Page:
For isotropic material an elastic modulus, like Young's modulus and in combination with a Poisson ratio can be used to convert to any other elastic modulus, like for example the bulk modulus. Tables for these conversions exist, for example, on the wiki page of bulk modulus.

I'd like to use the conversions for FEM material models that are plane strain, plane stress or axisymmetric. What confuses me on the wiki page is that there is a mention of 3D material and 2D materials and these have different conversion formulae. It's unclear to me what 2D material means in this context. My questions:

  1. Is it correct to use the 3D material conversion formulae for the plane stress case? My current thinking is that the conversions are valid for the plane strain and axisymmetric case as they model objects with 3D extend. But the plane stress case a models a thin object. Which formula should be used in that case?

  2. Can anyone share a reference to where these conversions are derived, possibly including the 2D material conversions.

  • $\begingroup$ The page you link to has a set of references and further reading. Have you read all of those? $\endgroup$
    – Solar Mike
    Commented Dec 19, 2022 at 8:11
  • $\begingroup$ @SolarMike, thanks for that. I did not even see that. I'll read those and get back here if anything remains unclear. $\endgroup$
    – user21
    Commented Dec 19, 2022 at 8:21
  • $\begingroup$ @SolarMike, The reference you mention relate to specifics of the bulk modulus of material. The last reference the one that does not have a reference number is about elastic properties of inorganic material, I am not specifically interested in the bulk modulus but in a possible limit of the applicability of the conversion. There are no references in the conversion table to check. Thanks though. $\endgroup$
    – user21
    Commented Dec 19, 2022 at 8:36
  • 1
    $\begingroup$ I think Young's modulus and Poisson ratio are still the same for all the cases you mentioned as they all model 3D cases although in a simplified way. $\endgroup$ Commented Dec 19, 2022 at 17:50
  • $\begingroup$ @TomášLétal The more I think about it, the more I come to the same conclusion. If you make your comment an answer I can consider it for acceptance. Thanks & regards. $\endgroup$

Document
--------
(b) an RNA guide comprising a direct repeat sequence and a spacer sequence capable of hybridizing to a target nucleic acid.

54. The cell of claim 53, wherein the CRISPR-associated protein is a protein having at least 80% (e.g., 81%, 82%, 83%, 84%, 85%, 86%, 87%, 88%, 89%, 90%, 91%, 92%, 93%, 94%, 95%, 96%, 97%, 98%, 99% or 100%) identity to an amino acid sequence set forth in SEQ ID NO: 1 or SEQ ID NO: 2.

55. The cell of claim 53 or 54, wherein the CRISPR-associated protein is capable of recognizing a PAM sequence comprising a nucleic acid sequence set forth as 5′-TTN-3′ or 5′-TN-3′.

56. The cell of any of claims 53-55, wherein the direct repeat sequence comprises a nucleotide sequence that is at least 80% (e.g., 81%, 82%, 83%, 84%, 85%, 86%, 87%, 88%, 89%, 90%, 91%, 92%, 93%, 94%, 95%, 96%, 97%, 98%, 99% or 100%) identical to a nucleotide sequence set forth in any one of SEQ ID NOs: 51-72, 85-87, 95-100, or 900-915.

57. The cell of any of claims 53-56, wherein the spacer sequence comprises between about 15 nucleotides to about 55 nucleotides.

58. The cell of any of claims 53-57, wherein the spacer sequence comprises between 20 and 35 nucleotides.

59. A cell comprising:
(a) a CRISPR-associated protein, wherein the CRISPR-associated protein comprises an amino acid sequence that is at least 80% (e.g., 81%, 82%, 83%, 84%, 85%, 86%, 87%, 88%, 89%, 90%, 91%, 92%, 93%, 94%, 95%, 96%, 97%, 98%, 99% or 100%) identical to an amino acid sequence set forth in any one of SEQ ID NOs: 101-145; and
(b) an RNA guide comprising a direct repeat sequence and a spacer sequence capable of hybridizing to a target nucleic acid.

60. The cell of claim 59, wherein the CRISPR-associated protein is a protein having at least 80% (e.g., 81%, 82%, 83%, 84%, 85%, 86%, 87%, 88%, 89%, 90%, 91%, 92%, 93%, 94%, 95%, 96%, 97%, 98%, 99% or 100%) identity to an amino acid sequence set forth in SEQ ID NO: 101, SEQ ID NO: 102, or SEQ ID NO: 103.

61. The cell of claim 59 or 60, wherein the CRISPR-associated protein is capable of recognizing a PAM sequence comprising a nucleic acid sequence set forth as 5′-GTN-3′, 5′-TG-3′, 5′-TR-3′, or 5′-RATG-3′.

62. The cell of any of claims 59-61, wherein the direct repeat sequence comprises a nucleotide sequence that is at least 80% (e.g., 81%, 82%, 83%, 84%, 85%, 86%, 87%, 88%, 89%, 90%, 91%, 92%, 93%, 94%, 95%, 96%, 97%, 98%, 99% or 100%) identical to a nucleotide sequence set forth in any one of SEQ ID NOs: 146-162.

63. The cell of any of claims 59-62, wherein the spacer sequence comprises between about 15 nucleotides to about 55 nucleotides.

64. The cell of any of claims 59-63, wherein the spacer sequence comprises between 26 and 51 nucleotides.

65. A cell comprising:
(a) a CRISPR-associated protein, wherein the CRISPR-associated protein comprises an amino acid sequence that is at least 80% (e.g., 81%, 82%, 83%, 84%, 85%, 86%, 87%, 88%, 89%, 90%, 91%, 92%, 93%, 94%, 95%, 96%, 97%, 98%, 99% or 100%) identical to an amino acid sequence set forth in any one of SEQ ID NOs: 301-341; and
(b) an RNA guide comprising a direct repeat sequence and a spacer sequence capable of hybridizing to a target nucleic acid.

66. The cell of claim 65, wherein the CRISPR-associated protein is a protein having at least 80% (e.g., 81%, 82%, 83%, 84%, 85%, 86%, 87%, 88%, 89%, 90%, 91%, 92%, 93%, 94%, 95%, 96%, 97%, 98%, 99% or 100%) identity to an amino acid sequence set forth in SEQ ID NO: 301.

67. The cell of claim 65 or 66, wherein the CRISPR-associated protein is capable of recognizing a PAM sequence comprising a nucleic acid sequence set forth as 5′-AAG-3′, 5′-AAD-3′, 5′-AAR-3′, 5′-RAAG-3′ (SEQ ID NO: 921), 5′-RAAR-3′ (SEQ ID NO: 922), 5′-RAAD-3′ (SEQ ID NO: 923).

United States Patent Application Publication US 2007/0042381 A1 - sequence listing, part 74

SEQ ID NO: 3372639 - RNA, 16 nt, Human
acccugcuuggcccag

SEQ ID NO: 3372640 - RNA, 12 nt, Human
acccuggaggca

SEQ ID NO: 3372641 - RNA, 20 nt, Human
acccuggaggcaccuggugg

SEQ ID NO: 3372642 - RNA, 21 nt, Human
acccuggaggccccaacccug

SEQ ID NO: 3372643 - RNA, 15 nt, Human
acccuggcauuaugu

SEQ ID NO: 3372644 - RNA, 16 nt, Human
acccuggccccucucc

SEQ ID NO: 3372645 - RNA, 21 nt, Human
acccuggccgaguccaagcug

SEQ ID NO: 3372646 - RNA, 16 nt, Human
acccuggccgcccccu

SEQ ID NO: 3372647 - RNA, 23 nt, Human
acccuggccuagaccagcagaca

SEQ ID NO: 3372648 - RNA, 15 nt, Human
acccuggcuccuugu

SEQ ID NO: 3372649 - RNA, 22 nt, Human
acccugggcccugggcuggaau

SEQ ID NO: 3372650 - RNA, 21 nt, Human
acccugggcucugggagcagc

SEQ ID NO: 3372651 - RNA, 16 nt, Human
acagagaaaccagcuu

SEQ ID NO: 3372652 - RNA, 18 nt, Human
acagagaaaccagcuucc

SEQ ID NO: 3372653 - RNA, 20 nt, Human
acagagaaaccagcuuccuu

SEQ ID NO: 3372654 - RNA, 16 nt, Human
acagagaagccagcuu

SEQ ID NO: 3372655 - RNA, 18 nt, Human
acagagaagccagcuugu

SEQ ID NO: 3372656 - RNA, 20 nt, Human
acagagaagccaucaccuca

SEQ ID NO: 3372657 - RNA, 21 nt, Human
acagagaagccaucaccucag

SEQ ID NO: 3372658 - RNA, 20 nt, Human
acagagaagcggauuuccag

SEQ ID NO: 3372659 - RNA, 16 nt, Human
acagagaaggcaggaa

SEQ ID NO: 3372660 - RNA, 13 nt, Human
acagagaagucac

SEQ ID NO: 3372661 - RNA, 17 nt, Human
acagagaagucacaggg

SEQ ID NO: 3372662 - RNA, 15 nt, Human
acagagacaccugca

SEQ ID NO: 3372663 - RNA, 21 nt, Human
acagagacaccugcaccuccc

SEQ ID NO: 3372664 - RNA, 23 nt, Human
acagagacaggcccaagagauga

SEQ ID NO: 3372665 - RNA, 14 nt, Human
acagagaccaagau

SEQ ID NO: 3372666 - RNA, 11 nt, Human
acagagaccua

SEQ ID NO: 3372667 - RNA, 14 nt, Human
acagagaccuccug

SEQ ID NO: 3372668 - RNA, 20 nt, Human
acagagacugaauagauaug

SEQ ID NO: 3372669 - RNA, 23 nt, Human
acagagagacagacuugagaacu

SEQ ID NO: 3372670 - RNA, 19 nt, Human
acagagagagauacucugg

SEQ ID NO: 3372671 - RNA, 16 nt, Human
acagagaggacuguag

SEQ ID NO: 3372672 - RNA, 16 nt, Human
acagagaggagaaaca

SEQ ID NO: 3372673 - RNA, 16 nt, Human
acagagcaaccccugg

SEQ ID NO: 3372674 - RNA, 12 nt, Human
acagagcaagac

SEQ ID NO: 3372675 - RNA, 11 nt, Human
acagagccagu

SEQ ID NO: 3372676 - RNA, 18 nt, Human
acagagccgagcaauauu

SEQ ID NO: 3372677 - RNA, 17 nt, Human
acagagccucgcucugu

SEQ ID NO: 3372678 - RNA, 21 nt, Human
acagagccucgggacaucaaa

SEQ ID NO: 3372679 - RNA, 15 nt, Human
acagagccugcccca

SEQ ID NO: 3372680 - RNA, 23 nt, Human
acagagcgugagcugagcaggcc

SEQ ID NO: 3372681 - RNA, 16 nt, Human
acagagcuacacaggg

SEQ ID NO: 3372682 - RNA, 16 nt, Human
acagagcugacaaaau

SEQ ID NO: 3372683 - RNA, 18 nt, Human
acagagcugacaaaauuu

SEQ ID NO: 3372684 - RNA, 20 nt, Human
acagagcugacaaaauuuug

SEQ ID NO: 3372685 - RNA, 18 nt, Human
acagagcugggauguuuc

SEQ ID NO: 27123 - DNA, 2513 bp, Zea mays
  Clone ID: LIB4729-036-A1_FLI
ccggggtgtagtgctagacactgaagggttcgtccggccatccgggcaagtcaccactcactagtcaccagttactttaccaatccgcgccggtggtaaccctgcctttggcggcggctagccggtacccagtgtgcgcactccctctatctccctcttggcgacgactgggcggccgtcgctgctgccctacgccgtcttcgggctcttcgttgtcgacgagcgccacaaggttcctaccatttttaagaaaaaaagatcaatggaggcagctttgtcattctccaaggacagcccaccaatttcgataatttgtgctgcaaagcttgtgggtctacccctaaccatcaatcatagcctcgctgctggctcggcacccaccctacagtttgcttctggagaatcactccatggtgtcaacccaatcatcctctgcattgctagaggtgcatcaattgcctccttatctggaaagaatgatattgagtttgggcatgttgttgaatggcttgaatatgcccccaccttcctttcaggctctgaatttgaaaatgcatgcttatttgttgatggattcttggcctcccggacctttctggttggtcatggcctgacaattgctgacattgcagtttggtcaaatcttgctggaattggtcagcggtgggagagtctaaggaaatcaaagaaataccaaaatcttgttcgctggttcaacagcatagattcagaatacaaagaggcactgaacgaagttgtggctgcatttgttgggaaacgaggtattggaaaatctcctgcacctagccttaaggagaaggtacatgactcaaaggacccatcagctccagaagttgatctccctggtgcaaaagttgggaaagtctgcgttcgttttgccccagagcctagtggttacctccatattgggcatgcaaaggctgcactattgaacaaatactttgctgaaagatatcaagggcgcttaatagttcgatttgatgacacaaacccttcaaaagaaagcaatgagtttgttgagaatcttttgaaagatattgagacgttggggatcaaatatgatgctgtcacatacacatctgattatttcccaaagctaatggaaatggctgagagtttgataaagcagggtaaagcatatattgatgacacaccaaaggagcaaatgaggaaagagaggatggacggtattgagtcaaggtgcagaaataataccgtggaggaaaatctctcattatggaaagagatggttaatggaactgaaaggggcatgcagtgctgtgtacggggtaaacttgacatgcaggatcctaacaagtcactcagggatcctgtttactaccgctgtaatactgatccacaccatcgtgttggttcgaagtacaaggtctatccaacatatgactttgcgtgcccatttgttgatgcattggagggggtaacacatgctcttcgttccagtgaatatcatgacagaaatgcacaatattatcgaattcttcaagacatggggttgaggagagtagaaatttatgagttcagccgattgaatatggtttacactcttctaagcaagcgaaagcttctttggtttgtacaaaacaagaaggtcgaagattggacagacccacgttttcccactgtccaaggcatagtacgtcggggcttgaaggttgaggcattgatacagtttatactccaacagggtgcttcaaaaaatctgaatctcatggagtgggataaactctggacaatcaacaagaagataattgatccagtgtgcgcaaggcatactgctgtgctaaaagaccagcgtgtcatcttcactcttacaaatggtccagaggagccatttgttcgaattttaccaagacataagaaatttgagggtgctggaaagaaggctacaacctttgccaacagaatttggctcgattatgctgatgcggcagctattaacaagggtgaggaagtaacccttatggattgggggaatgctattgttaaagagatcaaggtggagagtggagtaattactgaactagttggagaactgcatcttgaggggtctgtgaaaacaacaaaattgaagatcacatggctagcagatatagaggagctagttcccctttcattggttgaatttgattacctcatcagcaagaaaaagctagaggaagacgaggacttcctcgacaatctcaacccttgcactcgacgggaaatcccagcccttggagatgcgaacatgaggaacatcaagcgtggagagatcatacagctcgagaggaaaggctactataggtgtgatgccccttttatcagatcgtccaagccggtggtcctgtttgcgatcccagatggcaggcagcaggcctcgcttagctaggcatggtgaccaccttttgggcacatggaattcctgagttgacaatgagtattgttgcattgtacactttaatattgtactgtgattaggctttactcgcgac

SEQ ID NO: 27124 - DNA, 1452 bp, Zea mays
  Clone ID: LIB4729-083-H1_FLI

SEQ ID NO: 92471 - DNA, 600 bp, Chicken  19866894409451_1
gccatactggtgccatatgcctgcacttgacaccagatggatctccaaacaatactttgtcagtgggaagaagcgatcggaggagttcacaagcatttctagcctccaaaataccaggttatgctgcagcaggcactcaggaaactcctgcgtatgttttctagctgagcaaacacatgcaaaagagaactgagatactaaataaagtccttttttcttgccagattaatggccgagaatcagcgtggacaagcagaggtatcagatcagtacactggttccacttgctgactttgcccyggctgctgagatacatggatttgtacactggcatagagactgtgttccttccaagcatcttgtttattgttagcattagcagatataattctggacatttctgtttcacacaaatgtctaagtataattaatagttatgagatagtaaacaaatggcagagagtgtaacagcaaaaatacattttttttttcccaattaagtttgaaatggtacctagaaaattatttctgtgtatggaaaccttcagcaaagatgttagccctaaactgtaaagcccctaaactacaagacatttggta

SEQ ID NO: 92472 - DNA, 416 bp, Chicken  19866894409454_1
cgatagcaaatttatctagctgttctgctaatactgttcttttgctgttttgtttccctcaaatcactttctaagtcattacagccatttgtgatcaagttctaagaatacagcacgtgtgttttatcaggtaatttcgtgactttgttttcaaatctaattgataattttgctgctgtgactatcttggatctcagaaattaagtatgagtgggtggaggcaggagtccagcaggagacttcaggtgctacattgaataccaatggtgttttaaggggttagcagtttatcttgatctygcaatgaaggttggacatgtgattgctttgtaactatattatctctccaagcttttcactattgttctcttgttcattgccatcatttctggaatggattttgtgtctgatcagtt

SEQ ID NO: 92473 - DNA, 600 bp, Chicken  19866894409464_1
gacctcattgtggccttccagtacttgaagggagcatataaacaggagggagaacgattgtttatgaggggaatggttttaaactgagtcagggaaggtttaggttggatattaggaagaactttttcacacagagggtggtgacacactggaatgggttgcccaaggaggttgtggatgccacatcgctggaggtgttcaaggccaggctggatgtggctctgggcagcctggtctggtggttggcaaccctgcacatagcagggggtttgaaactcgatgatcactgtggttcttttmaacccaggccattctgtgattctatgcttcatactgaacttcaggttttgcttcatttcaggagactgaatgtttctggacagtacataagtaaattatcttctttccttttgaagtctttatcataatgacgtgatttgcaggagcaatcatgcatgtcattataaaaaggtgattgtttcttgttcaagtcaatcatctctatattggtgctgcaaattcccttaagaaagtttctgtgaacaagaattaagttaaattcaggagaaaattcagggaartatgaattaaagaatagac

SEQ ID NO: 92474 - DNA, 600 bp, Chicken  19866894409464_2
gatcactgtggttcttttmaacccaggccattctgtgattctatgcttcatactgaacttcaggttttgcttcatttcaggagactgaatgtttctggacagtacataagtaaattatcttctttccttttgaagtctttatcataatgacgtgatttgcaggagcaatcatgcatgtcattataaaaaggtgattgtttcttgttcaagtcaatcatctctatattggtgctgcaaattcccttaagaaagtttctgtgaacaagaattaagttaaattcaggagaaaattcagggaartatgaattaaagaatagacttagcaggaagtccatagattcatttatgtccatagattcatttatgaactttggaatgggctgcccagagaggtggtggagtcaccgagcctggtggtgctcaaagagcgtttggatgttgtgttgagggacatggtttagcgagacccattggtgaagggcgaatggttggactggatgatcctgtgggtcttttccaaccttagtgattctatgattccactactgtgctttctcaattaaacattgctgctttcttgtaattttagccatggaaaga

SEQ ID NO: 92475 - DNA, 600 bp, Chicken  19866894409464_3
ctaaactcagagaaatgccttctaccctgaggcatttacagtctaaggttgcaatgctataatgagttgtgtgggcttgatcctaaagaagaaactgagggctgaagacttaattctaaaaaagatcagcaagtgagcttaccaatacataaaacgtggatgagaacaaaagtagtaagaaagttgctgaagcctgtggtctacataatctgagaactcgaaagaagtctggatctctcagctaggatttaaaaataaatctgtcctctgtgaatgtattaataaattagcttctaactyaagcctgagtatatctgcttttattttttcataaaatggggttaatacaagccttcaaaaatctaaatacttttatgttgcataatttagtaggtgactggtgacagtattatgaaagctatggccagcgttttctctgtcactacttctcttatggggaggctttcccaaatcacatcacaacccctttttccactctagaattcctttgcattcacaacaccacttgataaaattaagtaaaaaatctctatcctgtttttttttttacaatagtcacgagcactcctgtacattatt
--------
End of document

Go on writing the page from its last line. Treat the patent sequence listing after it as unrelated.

– user21
    Commented Dec 21, 2022 at 13:27

1 Answer 1


Simplified 2D analyses of 3D situations

Plain stress, plain strain and axisymmetric allow describing a domain in 2D, but it still represents a full 3D object. Therefore the material properties like Young's modulus and Poisson ratio are still the same as in 3D.

These 2D simplifications are "coded" in stress and strain tensors, which have some components equal to zero (or constant).

Relation between $E$, $\nu$ and $K$

Relation between Young's modulus $E$, Poisson ratio $\nu$ and bulk modulus $K$ in 3D comes from Hooke's law:

$$\epsilon_x = \frac{1}{E}\left(\sigma_x-\nu\sigma_y-\nu\sigma_z\right)$$ $$\epsilon_y = \frac{1}{E}\left(-\nu\sigma_x+\sigma_y-\nu\sigma_z\right)$$ $$\epsilon_z = \frac{1}{E}\left(-\nu\sigma_x-\nu\sigma_y+\sigma_z\right)$$

Now the volumetric change per volume unit $dV/V$ for small deformations is just a sum of normal strains, which may be simplified using average normal stress $\bar{\sigma}$ (~pressure):

$$\frac{dV}{V} = \epsilon_x+\epsilon_y+\epsilon_z = \left(\sigma_x+\sigma_y+\sigma_z\right)\cdot\frac{1-2\nu}{E} = 3\bar{\sigma}\frac{1-2\nu}{E}$$

Lastly, the bulk modulus as a ratio between pressure and volumetric change per unit is:

$$K = \frac{\bar{\sigma}}{dV/V} = \frac{E}{3\left(1-2\nu\right)}$$

2D materials

"2D material" relations from table at the end of wiki/Bulk_modulus may be useful for very special applications like single atom layers, where tangential stresses should not cause contraction in normal direction to the layer.

  • $\begingroup$ Much appreciated. Thanks. $\endgroup$
    – user21
    Commented Dec 22, 2022 at 19:29

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